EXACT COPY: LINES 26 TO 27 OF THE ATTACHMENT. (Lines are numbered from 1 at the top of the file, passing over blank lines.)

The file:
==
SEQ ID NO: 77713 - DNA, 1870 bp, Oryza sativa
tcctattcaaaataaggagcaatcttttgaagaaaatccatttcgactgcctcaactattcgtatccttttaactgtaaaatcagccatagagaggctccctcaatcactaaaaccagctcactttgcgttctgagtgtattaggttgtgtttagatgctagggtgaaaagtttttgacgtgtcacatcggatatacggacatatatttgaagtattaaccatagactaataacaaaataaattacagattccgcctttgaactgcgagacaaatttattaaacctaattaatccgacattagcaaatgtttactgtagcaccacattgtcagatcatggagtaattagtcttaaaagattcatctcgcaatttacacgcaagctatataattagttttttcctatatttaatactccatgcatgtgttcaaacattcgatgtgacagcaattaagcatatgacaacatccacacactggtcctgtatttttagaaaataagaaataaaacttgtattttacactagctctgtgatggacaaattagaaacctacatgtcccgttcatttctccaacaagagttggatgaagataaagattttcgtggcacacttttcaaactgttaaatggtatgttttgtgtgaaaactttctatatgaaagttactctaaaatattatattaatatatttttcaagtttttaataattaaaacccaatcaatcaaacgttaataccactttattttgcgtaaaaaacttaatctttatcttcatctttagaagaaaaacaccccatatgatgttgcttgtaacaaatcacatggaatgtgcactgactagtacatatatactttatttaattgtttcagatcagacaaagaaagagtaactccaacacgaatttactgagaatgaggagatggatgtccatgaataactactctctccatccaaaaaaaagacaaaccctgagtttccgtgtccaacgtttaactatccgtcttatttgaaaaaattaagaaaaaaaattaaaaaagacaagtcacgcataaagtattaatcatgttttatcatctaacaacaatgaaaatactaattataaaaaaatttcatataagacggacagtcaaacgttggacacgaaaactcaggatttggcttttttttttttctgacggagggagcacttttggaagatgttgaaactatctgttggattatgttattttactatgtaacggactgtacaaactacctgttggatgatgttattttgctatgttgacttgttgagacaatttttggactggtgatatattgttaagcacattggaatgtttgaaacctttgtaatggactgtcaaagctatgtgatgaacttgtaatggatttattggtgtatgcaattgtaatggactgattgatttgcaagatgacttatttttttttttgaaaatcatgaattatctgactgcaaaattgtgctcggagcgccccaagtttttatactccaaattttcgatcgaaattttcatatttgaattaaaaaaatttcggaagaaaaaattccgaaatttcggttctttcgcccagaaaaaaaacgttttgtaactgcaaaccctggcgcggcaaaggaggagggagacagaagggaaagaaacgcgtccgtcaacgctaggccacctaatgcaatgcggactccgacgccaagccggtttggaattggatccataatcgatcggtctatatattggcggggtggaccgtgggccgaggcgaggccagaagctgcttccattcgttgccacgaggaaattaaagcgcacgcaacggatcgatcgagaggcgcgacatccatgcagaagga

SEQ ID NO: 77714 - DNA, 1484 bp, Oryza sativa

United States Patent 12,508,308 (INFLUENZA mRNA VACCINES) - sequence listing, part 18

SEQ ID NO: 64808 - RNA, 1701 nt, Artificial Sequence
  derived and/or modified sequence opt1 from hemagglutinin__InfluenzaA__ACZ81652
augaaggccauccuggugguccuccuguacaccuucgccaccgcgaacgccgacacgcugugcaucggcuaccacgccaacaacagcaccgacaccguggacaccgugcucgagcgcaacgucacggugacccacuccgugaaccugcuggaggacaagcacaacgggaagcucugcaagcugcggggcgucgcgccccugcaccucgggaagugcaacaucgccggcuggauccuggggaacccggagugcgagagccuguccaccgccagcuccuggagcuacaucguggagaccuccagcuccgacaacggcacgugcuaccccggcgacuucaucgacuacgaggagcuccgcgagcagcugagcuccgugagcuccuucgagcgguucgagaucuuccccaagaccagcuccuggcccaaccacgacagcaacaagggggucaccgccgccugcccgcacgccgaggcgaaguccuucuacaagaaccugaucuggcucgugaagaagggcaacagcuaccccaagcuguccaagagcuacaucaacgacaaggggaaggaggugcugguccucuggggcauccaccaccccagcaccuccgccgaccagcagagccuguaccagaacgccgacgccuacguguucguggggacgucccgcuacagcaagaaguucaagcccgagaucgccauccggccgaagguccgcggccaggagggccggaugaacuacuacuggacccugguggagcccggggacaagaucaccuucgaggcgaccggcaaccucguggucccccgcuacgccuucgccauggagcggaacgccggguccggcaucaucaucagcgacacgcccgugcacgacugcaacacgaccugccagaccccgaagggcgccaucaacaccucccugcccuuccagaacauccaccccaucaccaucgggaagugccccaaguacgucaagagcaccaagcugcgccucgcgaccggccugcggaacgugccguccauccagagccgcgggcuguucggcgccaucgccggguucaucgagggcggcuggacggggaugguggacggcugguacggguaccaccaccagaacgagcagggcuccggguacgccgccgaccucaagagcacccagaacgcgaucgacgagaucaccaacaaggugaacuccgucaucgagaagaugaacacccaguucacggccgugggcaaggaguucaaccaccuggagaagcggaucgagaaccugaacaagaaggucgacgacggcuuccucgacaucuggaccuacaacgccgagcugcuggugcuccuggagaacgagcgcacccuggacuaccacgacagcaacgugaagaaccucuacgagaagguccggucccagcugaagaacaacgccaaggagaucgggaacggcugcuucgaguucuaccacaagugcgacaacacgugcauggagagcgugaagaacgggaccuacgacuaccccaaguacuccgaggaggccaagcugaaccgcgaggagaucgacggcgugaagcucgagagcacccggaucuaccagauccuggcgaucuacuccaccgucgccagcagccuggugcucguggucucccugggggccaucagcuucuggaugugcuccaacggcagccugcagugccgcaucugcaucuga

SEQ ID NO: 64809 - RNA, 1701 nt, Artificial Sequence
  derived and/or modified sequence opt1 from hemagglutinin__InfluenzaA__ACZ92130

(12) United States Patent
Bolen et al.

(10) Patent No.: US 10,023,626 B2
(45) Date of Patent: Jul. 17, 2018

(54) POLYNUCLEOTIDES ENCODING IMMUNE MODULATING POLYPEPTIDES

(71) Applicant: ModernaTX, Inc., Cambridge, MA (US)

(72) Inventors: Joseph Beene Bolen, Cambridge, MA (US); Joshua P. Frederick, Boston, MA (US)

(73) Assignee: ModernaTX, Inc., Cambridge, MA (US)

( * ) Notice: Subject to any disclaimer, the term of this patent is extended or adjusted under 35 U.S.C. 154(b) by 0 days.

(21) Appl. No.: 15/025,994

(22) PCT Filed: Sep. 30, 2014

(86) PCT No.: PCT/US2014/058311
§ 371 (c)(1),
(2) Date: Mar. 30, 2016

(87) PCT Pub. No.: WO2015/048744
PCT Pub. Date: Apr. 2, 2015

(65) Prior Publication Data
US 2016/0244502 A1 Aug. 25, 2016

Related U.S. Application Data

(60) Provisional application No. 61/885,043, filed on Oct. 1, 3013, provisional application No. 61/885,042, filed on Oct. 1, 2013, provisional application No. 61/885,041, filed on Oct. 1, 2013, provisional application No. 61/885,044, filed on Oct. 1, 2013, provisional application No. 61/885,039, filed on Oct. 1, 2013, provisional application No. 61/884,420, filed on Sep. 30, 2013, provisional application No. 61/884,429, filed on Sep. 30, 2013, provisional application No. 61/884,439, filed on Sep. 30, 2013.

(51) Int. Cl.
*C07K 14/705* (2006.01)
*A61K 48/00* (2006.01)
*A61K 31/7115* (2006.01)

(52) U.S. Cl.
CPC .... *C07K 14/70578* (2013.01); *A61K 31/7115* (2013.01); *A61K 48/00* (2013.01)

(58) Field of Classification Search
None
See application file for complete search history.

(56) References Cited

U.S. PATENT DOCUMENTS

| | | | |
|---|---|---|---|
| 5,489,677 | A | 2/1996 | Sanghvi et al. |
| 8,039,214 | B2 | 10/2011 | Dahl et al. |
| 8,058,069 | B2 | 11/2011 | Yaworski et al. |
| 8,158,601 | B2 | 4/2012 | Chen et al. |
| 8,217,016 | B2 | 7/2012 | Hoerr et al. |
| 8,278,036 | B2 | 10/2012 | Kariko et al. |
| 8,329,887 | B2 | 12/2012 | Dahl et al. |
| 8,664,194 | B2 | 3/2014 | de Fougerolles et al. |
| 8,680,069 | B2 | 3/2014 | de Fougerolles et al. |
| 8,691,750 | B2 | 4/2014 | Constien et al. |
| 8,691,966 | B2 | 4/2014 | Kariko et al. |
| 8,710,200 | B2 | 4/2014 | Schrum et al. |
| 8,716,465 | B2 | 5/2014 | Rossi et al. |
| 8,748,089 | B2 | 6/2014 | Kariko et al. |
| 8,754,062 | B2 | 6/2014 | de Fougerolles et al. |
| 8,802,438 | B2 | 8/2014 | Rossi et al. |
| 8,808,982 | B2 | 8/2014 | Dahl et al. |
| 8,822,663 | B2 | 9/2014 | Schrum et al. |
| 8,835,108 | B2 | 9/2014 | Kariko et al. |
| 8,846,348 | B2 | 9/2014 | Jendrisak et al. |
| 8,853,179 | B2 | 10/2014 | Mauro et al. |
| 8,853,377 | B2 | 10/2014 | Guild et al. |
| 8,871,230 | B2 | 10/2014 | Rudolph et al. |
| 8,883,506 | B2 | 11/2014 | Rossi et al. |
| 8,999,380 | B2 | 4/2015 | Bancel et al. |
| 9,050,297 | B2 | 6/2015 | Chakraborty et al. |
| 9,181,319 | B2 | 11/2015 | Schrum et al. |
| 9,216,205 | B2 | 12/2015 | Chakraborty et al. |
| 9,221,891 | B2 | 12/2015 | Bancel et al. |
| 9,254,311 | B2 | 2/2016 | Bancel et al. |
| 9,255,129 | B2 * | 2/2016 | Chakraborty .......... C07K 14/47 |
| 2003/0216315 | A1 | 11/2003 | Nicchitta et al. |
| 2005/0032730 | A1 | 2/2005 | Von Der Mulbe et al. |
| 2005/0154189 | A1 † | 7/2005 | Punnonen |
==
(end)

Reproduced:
(65) Prior Publication Data
US 2016/0244502 A1 Aug. 25, 2016